BOYS AND AVIATION Encouragement of Air Sense Suggested Stating that many schoolboys were showing an interest in aviation, and saying that they wished to become airmen, Mr. R. A. West directed at- tention to the desirability of notice being given to the subject by Educa- tion Departments. Mr. West said the development of aviation had been so rapid that they hardly realised the high state of mechanical perfection that had been attained. Among the outstanding features of aviation that made it in- creasingly important in the develop- ment of Australia, might be mentioned rapid communication to otherwise in- accessible places, medical assistance for outback settlers, a favorable climate, and defence considerations. Miss E. Opie (South Australia) said the development of the air sense should be encouraged under wise super- vision. She pointed to the number of distinguished South Australian avia- tors. A motion—"That this conference stresses the importance of the develop- ment of aviation i...
STATUS OF TEACHERS Move to Form Institute [Newspaper Article] — Advertiser and Register — 9 January 1931
STATUS OF TEACHERS Move to Form Institute An appeal to teachers to endeavor to raise the status of teaching was made by Mr. W. Cremor, of Victoria. "We must recognise that the remedy for the present position is in our own hands," he said. "The essence of a profession is the standard of entry and qualifications for practising, and these must be laid down by members them- selves, and not by departmental autho- rities. My proposal is somewhat revo- lutionary, and will meet with the oppo- sition of authorities throughout Aus- tralia." He then moved that steps be taken to establish a Teachers' Institute in Australia. In Australia, added Mr. Cremor, there were about 20,000 teachers, and united they could exert a tremendous political force. Nothing could stop them if they organised into an institute and formed the union into an incorporated body. A course of action could be determined later. Mr. Cremor's motion was then adopted.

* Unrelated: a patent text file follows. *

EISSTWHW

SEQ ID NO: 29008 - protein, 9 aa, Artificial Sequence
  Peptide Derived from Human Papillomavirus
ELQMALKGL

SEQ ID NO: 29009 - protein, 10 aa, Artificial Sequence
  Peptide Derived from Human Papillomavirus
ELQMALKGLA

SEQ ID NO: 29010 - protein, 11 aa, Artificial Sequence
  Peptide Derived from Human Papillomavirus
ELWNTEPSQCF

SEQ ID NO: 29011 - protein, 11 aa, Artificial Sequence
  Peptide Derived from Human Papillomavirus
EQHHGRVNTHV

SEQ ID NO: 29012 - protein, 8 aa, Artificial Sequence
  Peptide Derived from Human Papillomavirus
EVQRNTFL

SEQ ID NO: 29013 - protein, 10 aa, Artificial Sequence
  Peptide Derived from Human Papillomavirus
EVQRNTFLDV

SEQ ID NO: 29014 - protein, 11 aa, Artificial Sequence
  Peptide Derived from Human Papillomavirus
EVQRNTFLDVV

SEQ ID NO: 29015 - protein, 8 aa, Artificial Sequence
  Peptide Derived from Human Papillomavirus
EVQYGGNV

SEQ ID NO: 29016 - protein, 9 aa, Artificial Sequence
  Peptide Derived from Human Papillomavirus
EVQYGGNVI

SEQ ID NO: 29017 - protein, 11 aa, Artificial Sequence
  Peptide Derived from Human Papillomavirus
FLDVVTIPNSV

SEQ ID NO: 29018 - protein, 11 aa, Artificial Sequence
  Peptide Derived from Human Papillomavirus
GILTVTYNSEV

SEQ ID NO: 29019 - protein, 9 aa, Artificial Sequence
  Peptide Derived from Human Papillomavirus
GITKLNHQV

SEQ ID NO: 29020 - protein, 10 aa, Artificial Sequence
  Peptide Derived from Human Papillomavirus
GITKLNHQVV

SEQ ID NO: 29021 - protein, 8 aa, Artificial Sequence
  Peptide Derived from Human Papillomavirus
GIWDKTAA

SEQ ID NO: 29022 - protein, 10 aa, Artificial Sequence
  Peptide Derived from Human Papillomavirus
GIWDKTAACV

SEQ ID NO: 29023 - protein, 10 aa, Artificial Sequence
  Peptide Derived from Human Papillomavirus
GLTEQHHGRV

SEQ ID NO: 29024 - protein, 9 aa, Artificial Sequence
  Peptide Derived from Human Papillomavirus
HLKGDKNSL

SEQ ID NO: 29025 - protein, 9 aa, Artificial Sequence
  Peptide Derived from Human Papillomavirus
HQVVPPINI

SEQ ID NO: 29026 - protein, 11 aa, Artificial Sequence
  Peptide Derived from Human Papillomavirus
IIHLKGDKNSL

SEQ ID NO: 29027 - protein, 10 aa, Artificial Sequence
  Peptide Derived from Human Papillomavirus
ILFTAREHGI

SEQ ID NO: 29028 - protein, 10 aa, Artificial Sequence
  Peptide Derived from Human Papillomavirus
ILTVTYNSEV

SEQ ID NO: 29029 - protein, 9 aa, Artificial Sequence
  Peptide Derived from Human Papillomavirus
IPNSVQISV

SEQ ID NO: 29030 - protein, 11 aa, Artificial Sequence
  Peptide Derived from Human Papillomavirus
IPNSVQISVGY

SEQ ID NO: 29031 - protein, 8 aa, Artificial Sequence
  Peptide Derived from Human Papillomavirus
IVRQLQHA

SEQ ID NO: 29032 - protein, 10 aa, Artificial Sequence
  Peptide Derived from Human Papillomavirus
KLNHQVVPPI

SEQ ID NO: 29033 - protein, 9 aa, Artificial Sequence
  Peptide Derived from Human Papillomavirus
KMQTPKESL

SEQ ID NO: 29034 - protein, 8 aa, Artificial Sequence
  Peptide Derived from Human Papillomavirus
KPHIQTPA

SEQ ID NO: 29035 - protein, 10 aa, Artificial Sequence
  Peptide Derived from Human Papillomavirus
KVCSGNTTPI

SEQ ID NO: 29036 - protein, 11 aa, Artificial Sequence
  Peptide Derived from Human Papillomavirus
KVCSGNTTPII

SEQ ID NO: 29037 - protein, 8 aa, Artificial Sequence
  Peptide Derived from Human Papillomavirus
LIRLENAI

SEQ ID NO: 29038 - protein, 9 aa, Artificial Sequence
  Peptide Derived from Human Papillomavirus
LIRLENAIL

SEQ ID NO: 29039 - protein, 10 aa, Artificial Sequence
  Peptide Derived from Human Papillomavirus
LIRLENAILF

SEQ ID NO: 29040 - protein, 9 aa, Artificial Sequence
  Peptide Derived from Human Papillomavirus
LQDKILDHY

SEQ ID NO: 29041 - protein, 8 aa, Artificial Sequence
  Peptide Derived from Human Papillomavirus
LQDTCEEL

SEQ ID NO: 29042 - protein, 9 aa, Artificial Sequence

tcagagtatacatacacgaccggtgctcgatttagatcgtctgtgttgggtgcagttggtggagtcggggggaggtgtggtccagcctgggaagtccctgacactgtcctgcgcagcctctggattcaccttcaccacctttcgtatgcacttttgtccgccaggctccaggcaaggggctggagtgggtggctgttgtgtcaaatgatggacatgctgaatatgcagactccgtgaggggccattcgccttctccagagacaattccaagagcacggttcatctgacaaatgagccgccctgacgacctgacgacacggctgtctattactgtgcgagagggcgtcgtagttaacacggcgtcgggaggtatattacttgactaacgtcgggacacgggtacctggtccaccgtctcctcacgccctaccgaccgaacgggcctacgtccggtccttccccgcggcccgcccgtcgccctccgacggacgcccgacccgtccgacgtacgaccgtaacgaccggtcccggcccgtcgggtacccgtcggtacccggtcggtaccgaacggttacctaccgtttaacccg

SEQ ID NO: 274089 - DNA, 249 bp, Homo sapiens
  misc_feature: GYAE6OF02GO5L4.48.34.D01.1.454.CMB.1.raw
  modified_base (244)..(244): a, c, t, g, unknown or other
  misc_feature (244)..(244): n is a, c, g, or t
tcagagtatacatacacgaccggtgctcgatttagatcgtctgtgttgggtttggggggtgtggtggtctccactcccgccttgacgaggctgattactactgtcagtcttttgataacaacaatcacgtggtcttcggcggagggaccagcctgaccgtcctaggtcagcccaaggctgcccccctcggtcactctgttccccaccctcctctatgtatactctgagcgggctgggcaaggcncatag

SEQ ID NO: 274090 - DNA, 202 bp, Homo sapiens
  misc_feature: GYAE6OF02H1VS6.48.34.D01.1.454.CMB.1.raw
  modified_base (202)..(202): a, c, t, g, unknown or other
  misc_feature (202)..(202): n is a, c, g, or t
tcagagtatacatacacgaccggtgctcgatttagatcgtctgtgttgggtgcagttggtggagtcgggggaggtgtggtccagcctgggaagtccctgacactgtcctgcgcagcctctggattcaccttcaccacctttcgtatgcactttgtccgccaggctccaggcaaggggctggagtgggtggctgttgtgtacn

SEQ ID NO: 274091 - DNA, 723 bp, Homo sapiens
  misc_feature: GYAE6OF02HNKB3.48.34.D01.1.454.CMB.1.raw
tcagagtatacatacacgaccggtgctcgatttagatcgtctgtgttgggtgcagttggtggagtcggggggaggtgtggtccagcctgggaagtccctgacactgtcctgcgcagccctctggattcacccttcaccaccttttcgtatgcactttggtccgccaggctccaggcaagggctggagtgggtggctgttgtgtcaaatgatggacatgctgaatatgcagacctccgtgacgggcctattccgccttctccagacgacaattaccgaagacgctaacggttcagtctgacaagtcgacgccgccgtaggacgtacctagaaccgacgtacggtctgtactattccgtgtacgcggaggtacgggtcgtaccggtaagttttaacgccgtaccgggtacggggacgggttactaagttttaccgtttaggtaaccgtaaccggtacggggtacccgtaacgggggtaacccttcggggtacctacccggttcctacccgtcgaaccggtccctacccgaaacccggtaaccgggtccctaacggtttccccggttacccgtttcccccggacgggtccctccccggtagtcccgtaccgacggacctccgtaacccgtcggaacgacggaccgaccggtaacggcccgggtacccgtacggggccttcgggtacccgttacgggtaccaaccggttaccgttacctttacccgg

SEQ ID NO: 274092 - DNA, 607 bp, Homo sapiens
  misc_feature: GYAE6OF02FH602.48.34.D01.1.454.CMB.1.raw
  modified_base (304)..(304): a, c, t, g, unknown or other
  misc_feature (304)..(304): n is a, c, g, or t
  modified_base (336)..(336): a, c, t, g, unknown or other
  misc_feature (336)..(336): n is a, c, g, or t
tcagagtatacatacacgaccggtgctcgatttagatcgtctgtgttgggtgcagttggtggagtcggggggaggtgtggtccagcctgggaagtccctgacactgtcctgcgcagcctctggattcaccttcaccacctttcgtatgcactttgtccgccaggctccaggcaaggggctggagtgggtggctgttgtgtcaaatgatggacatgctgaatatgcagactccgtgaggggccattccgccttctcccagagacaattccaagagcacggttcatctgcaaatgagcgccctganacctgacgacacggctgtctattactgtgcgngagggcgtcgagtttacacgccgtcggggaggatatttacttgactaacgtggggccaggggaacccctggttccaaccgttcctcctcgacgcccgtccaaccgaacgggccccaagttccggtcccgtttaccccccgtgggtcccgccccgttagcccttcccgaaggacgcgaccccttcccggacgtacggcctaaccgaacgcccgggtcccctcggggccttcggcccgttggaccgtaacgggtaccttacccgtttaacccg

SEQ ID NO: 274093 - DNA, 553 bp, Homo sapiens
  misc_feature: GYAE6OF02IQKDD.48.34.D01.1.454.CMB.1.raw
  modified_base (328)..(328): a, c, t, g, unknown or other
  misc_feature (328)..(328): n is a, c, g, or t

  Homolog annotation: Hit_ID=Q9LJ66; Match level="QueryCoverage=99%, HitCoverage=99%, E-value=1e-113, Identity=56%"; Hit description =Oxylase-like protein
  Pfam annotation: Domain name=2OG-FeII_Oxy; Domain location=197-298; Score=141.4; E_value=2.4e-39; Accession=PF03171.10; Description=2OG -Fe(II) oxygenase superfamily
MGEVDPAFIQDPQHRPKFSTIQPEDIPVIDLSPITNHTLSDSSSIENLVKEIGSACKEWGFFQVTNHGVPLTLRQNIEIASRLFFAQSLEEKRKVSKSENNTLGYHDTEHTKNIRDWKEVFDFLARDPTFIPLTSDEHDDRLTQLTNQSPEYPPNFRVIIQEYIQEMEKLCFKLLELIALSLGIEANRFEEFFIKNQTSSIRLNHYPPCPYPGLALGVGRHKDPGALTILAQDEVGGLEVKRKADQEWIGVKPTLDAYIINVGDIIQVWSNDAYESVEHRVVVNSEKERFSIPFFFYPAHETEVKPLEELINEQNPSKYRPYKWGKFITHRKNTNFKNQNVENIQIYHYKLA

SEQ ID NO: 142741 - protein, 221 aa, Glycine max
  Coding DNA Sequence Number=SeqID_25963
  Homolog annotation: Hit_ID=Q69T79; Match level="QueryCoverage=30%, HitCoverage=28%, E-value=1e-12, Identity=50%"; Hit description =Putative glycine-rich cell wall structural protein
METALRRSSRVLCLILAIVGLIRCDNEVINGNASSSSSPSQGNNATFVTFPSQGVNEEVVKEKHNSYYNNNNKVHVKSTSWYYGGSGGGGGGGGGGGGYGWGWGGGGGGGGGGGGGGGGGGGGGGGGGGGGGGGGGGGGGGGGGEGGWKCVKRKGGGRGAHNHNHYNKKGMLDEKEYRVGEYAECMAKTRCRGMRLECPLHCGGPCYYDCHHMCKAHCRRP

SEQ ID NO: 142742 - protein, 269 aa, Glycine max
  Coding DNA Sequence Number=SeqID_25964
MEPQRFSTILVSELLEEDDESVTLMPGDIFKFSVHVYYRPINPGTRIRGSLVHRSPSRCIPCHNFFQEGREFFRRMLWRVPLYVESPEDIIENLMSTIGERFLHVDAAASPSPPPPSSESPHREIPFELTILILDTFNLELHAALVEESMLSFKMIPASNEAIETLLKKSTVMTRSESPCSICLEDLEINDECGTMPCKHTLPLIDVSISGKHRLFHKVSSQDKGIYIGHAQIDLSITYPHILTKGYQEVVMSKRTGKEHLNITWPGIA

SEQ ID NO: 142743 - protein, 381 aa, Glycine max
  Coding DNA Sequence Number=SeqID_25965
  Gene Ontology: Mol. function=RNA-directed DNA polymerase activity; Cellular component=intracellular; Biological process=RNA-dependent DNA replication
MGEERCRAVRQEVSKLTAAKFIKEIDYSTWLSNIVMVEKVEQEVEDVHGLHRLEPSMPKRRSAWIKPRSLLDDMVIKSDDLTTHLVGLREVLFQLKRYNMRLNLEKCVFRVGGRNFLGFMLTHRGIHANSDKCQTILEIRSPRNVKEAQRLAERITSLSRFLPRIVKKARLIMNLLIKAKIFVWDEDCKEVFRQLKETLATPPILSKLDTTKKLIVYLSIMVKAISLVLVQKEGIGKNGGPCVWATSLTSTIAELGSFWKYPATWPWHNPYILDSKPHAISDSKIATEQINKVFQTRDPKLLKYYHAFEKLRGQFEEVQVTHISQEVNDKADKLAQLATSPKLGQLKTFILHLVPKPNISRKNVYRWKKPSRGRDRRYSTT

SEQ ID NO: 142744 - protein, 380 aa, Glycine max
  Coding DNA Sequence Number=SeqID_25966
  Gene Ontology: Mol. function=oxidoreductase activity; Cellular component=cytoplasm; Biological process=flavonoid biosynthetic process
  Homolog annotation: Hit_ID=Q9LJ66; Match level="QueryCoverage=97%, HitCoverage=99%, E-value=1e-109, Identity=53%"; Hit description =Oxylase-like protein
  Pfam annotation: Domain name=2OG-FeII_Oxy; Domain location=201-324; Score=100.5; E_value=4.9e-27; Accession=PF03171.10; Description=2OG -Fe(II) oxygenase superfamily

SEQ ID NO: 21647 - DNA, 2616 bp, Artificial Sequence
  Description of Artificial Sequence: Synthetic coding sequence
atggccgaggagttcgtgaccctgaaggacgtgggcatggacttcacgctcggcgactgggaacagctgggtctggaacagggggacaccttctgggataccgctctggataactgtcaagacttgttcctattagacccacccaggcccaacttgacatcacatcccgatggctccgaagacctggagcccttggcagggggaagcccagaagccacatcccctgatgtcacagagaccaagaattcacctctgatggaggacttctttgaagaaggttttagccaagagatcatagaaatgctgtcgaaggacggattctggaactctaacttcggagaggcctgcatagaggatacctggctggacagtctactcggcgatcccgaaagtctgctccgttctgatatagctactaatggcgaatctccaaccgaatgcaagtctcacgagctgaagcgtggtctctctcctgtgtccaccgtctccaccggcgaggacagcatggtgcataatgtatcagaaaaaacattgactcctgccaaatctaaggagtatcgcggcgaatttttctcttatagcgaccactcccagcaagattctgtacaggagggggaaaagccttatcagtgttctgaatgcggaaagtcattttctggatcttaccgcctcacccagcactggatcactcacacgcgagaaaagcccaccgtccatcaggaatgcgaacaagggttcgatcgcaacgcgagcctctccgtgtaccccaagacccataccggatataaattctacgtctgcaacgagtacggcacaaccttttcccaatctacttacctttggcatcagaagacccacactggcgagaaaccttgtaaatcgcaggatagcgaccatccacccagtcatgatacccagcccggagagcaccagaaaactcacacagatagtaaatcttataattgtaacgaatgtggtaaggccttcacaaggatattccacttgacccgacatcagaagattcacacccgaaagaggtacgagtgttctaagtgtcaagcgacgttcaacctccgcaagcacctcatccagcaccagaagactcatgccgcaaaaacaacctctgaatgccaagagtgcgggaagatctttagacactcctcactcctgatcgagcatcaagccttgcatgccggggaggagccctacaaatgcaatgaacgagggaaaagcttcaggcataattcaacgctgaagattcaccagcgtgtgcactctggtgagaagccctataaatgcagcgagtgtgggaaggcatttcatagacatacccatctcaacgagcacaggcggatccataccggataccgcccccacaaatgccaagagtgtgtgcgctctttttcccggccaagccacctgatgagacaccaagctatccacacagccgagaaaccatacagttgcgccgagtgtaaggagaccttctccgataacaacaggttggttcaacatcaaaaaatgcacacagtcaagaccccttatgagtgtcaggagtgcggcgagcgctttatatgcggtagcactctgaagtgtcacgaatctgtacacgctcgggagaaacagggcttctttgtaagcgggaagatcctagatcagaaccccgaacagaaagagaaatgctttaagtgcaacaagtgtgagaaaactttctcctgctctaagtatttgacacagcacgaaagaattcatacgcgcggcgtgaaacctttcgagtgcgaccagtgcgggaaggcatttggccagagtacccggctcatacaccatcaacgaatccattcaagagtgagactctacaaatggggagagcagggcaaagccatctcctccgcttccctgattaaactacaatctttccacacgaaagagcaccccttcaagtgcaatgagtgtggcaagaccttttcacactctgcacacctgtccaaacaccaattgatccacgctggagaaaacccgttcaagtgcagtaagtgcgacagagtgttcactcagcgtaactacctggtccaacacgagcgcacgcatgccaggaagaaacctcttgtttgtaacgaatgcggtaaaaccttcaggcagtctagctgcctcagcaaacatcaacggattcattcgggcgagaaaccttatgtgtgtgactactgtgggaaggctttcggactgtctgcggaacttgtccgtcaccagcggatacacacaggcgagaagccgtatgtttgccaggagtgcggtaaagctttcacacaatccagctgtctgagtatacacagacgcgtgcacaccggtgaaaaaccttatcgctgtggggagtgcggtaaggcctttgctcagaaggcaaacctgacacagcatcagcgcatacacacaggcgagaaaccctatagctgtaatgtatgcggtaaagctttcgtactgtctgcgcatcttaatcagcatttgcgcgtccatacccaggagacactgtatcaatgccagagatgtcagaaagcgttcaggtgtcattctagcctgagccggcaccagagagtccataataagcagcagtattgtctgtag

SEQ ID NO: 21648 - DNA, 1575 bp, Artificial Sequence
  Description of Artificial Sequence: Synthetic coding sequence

FALSE PRETENCES Christmas Day Incident LONDON, January 6. [Newspaper Article] — Advertiser and Register — 9 January 1931
FALSE PRETENCES Christmas Day Incident LONDON, January 6. A man, supposed to have been born in Australia, and giving the name of Gerald Vladimir Crichton, alias Up- johns, and falsely self-described as a nephew of Sir George Crichton, was to-day sentenced at Marlborough-street to six months' hard labor for incurring a debt of eight guineas at the Dover- street Hotel by false pretences on Christmas Day. Another man paid the debt on Janu- ary 2. Crichton is said to have come to England from Cap Ferrat to rebut a charge of plagiarism. A detective tes- tified that Crichton's articles were cribbed. Crichton was imprisoned for a week in Sydney in 1925, and sentenced at &nbsp; Wellington for false pretences, and at Paris for vagabondage as the result of not paying for a champagne supper he gave to some cabaret girls.
SEAMEN'S TROUBLE OVER. Five Delayed Ships Get Away Sydney, January 7. [Newspaper Article] — Advertiser and Register — 9 January 1931
SEAMEN'S TROUBLE OVER. Five Delayed Ships Get Away Sydney, January 7. A settlement was effected to-day in the dispute between the Seamen's Union and the shipowners concerning the method of picking up crews. All the five inter-State vessels which had been held up on Tuesday sailed during the day with full complements. More than 2,000 unemployed seamen, all anxious to obtain work, attended the shipping master's office, where the call for men was made. Although the union had been advised by the authori- ties that, as the office was Common- wealth property, it had no right to ob- ject to the presence of shore officials from the shipping companies or, for that matter, any one else, shipowners agreed to a slight change in procedure. Full crews were then secured.